Police in Maldives arrested sixteen journalists on 3 April 2016 amid protests against the government following the official shutdown of the country's oldest printed newspaper. Riot police used brute force and pepper spray and strip-searched both male and female journalists, who hailed from several local media organizations.
— Zaheena Rasheed (@ZaheenaR) April 3, 2016
— Steven L Herman (@W7VOA) April 3, 2016
Around 50 journalists rallied near the president's office on Sunday, demonstrating about a number of issues including the recent court decision to close the newspaper Haveeru, the largest and oldest newspaper in the country, over a contentious ownership dispute. Several of the arrested journalists work at Haveeru. They were carrying placards and chanting, “Stop obstructing press freedom.”
Mohamed Hamdhoon posted the list of the arrested journalists in Facebook.
Journalist Ali Naafiz writes about the importance of the newspaper in Facebook:
An institution older than almost half of the population has been killed. The largest written archive in the country has been torn apart. The de facto ‘training institute’ of journalists in the nation has been destroyed. The livelihood of dozens is shrouded in confusion. And above all, thousands have been barred from their primary source of information. If this doesn't concern those in power, I wonder what will? #IAmHaveeru #IStandWithHaveeru
The journalists also demanded that the government reconsider a bill recently submitted to parliament that would criminalize defamation — this despite the fact that defamation was decriminalized in 2009. They fear that the law would be used by journalists’ political opponents to prevent reporting on serious accusations of corruption and the integrity of government officials.
Other issues included the recent restrictions on media coverage of criminal court proceedings, and the government’s failure to protect journalists. There have been no significant progress in the investigation into the 2014 mysterious disappearance of Ahmed Rilwan, a journalist, blogger and human rights advocate who once worked with multiple independent news sites.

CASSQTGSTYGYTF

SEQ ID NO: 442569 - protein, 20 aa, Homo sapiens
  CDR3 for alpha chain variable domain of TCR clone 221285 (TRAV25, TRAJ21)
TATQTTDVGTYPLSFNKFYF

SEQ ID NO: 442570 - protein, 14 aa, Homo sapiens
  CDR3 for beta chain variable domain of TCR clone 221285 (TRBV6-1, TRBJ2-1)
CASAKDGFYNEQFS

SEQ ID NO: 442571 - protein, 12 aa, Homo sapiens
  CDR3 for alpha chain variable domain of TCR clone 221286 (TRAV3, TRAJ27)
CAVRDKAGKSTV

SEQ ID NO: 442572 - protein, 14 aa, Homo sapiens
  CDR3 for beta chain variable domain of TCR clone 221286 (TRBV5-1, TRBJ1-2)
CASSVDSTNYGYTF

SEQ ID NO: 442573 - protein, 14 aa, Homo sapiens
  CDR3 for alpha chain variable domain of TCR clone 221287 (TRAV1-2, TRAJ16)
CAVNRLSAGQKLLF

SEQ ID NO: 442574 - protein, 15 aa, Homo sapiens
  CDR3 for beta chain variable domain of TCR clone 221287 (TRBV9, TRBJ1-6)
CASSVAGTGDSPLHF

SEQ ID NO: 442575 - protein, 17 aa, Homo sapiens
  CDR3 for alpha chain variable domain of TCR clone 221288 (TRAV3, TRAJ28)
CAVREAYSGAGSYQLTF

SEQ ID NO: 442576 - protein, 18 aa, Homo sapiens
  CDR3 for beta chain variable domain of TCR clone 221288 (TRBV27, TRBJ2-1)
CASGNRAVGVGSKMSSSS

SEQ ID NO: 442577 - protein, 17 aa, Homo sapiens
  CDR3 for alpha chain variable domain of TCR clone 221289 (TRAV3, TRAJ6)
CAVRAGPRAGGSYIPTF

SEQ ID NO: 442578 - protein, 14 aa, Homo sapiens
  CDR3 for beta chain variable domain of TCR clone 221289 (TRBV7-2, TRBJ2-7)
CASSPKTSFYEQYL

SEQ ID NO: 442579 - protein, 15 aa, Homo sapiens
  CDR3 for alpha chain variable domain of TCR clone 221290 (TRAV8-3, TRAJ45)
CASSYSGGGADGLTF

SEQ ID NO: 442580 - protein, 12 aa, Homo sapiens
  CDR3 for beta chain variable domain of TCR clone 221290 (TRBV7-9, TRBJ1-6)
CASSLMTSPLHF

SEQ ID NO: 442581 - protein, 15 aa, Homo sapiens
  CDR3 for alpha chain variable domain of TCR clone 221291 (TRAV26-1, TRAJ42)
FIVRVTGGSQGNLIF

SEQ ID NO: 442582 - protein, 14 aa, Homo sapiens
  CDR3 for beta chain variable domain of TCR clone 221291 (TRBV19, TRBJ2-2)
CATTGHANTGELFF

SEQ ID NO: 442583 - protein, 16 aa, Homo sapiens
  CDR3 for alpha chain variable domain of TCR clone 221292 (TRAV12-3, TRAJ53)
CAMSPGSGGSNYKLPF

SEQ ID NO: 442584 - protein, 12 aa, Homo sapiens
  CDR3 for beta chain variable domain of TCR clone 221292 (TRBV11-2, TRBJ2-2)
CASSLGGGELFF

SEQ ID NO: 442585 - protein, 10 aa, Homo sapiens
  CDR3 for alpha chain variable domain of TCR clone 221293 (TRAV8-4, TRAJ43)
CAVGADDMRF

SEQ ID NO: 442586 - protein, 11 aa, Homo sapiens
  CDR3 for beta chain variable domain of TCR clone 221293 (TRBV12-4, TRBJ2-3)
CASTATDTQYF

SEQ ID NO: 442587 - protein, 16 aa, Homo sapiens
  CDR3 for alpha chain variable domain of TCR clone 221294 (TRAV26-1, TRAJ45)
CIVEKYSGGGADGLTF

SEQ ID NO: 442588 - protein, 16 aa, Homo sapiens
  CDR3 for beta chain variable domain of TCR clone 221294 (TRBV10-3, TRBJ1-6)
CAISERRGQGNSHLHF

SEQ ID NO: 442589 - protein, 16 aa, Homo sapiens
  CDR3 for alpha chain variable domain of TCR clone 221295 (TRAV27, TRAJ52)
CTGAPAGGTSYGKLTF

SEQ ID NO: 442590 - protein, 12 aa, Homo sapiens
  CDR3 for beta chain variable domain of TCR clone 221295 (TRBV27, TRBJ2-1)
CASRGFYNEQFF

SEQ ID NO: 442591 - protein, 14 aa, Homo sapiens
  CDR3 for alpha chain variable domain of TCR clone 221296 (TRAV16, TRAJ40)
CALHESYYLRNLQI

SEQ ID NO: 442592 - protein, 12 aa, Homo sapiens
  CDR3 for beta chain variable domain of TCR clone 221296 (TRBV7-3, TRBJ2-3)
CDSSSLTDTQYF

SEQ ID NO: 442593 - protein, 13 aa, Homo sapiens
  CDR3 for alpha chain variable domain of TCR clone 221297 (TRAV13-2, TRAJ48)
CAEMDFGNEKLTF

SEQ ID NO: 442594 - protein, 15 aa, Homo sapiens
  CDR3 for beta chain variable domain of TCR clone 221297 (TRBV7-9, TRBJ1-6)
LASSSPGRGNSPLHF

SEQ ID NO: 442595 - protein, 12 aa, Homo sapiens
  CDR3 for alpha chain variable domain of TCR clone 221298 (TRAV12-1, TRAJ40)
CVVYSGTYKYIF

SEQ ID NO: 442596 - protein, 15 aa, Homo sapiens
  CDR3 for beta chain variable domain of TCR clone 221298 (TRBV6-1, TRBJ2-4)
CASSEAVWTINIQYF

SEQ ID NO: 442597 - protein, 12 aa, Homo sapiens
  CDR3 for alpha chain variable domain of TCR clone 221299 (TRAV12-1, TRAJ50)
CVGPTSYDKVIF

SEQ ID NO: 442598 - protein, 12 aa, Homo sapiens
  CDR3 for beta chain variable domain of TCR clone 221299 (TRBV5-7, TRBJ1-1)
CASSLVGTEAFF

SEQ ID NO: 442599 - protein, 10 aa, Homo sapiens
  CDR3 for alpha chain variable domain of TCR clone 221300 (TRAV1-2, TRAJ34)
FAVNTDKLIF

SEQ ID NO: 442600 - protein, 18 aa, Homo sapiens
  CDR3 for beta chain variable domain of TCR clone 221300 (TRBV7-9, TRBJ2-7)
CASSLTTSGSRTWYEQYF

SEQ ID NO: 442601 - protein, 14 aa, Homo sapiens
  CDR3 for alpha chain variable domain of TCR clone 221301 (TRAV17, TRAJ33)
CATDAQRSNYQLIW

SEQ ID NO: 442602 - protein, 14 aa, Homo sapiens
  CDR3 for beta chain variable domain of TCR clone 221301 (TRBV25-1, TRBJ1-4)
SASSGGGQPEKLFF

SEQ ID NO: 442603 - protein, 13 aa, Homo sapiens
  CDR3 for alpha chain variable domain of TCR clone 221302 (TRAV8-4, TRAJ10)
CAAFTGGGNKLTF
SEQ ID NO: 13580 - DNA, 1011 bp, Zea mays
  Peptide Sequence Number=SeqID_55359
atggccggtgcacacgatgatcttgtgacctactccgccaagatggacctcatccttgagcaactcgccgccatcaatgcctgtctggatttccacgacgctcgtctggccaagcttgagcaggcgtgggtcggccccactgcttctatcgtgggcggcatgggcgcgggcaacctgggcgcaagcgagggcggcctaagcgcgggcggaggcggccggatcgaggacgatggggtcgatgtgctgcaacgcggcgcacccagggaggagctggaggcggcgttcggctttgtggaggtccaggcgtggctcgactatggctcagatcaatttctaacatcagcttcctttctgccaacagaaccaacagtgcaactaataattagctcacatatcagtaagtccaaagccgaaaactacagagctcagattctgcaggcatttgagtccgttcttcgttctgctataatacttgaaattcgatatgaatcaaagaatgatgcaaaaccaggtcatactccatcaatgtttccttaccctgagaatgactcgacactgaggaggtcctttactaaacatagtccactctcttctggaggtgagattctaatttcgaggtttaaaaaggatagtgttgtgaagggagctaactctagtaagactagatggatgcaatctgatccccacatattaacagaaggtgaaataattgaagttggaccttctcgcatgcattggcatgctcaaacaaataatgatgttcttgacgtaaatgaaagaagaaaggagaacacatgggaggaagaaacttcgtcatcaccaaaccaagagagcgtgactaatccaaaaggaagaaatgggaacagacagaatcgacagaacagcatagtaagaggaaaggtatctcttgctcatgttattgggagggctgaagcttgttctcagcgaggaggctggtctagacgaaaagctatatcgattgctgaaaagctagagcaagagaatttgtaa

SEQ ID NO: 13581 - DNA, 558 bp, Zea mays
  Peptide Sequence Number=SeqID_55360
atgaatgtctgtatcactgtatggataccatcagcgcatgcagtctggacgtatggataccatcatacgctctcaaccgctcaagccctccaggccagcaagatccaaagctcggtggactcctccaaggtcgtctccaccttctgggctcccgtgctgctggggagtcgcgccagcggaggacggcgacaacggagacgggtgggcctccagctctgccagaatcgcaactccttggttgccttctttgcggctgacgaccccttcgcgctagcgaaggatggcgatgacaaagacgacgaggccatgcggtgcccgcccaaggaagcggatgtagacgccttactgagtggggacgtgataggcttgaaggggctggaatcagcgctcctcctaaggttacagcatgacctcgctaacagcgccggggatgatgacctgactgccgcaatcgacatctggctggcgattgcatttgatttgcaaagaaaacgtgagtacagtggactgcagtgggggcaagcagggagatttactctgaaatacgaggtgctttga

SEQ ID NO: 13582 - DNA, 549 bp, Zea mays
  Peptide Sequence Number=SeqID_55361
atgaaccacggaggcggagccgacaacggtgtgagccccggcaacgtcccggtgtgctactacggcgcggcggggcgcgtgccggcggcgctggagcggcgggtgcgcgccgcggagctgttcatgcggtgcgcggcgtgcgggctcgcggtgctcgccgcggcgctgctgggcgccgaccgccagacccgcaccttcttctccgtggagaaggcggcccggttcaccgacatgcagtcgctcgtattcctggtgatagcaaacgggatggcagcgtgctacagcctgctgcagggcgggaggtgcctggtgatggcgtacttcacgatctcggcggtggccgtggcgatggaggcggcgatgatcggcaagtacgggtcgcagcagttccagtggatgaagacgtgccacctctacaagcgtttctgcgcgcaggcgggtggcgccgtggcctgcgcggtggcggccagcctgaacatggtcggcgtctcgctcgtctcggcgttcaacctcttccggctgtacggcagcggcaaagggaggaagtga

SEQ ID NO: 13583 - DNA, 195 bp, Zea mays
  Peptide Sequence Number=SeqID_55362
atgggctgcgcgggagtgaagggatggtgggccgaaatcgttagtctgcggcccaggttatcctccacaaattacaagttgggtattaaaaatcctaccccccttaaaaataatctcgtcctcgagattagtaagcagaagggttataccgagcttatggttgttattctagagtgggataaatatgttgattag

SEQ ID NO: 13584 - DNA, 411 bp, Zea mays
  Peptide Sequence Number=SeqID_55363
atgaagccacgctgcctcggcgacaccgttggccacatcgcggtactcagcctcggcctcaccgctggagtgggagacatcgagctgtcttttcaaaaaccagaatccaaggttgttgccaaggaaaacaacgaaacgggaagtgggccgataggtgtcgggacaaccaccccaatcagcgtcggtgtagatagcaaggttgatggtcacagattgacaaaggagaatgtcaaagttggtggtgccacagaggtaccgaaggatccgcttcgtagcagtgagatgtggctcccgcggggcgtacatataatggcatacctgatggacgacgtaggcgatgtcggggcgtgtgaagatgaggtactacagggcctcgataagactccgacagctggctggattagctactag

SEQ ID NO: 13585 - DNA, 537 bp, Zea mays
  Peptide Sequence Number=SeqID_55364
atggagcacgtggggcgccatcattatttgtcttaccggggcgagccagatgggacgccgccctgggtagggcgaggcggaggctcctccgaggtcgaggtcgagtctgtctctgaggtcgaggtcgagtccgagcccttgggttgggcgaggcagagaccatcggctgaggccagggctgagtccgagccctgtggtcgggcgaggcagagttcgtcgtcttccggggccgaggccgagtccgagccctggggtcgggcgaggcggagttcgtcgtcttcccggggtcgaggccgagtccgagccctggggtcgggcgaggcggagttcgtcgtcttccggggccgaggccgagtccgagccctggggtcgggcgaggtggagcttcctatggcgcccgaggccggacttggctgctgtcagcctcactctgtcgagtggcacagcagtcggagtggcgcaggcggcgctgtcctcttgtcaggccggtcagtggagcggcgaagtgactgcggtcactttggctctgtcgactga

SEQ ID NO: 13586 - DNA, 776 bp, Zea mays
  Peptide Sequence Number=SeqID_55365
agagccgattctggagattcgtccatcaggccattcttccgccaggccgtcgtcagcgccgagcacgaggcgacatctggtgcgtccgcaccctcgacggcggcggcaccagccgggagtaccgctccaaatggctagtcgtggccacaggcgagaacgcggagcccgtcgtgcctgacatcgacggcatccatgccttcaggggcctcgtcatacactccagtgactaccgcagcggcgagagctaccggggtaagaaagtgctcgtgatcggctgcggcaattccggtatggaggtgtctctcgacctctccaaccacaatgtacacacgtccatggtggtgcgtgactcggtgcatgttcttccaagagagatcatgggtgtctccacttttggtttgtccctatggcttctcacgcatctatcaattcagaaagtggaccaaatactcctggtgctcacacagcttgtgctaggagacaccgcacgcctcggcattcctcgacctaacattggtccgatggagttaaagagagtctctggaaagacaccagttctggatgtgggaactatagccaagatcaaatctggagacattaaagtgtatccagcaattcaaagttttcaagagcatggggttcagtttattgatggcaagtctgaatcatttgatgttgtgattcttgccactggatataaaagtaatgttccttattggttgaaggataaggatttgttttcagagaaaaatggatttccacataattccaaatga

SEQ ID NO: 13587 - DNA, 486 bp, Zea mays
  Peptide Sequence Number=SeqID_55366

After a state of emergency was declared on 4 November 2015, Reportieres Sans Frontieres condemned a series of attacks on journalists, TV channels and news websites. Maldives is ranked 112 out of 180 countries in RSF’s 2015 World Press Freedom Index.
On Twitter, media freedom advocates pointed to changes in media regulatory agencies in the country that appear to give the ruling party increased power over television and radio broadcasters:
— Mohamed Junayd (@mjunayd) April 5, 2016
Ongoing crackdown on free media in Maldives; autocratic regime appoints party activists to Broadcasting Commission https://t.co/AXkeW5MCdk
— Yameen Rasheed (@yaamyn) April 4, 2016
The crackdown also has sparked outrage on social media and people took to social media to share the images and videos of the protests:
— Azmeel (azoo) (@azoobloodlust) April 3, 2016
Those detained have not been served lunch nor given any food and were given only hot water to drink. #JournalismNotACrime
— Hisaan (@hisaanhussain) April 3, 2016
Maldives journalists continue protest for a second day despite Sunday's mass arrests pic.twitter.com/AI1C1k76CK
— Zaheena Rasheed (@ZaheenaR) April 4, 2016
— Maldives Voice (@maldivesvoice2) April 4, 2016
— Ablho (@ablho) April 5, 2016
— nauha ibrahim (@princessnau) April 3, 2016
If being pepper sprayed at close range, and spending almost 12 hours in police custody with nothing to eat except on demand and sharing a 25 by 18 foot cell with 17 men is what it takes for us to get our voices heard, I, for one, am prepared to do it again. Thank you everyone for the support and well wishes. #IAmHaveeru #IStandWithHaveeru.
The US ambassador to the Maldives met some of the protesting journalists and tweeted about it:
— Amb Atul Keshap (@USAmbKeshap) April 4, 2016
The island nation of Maldives, which is famous as a tourist destination, became a multiparty democracy in 2008 after many years of autocratic rule. However, political unrest has escalated since the alleged coup that toppled the country's first democratically elected leader, Mohamed Rasheed.
Did any good come out of the recent protests by the journalists? Perhaps. Although the reasons behind it were unclear, two individuals were arrested on Tuesday in connection with the disappearance of Ahmed Rilwan Abdulla, who has been missing for 606 days.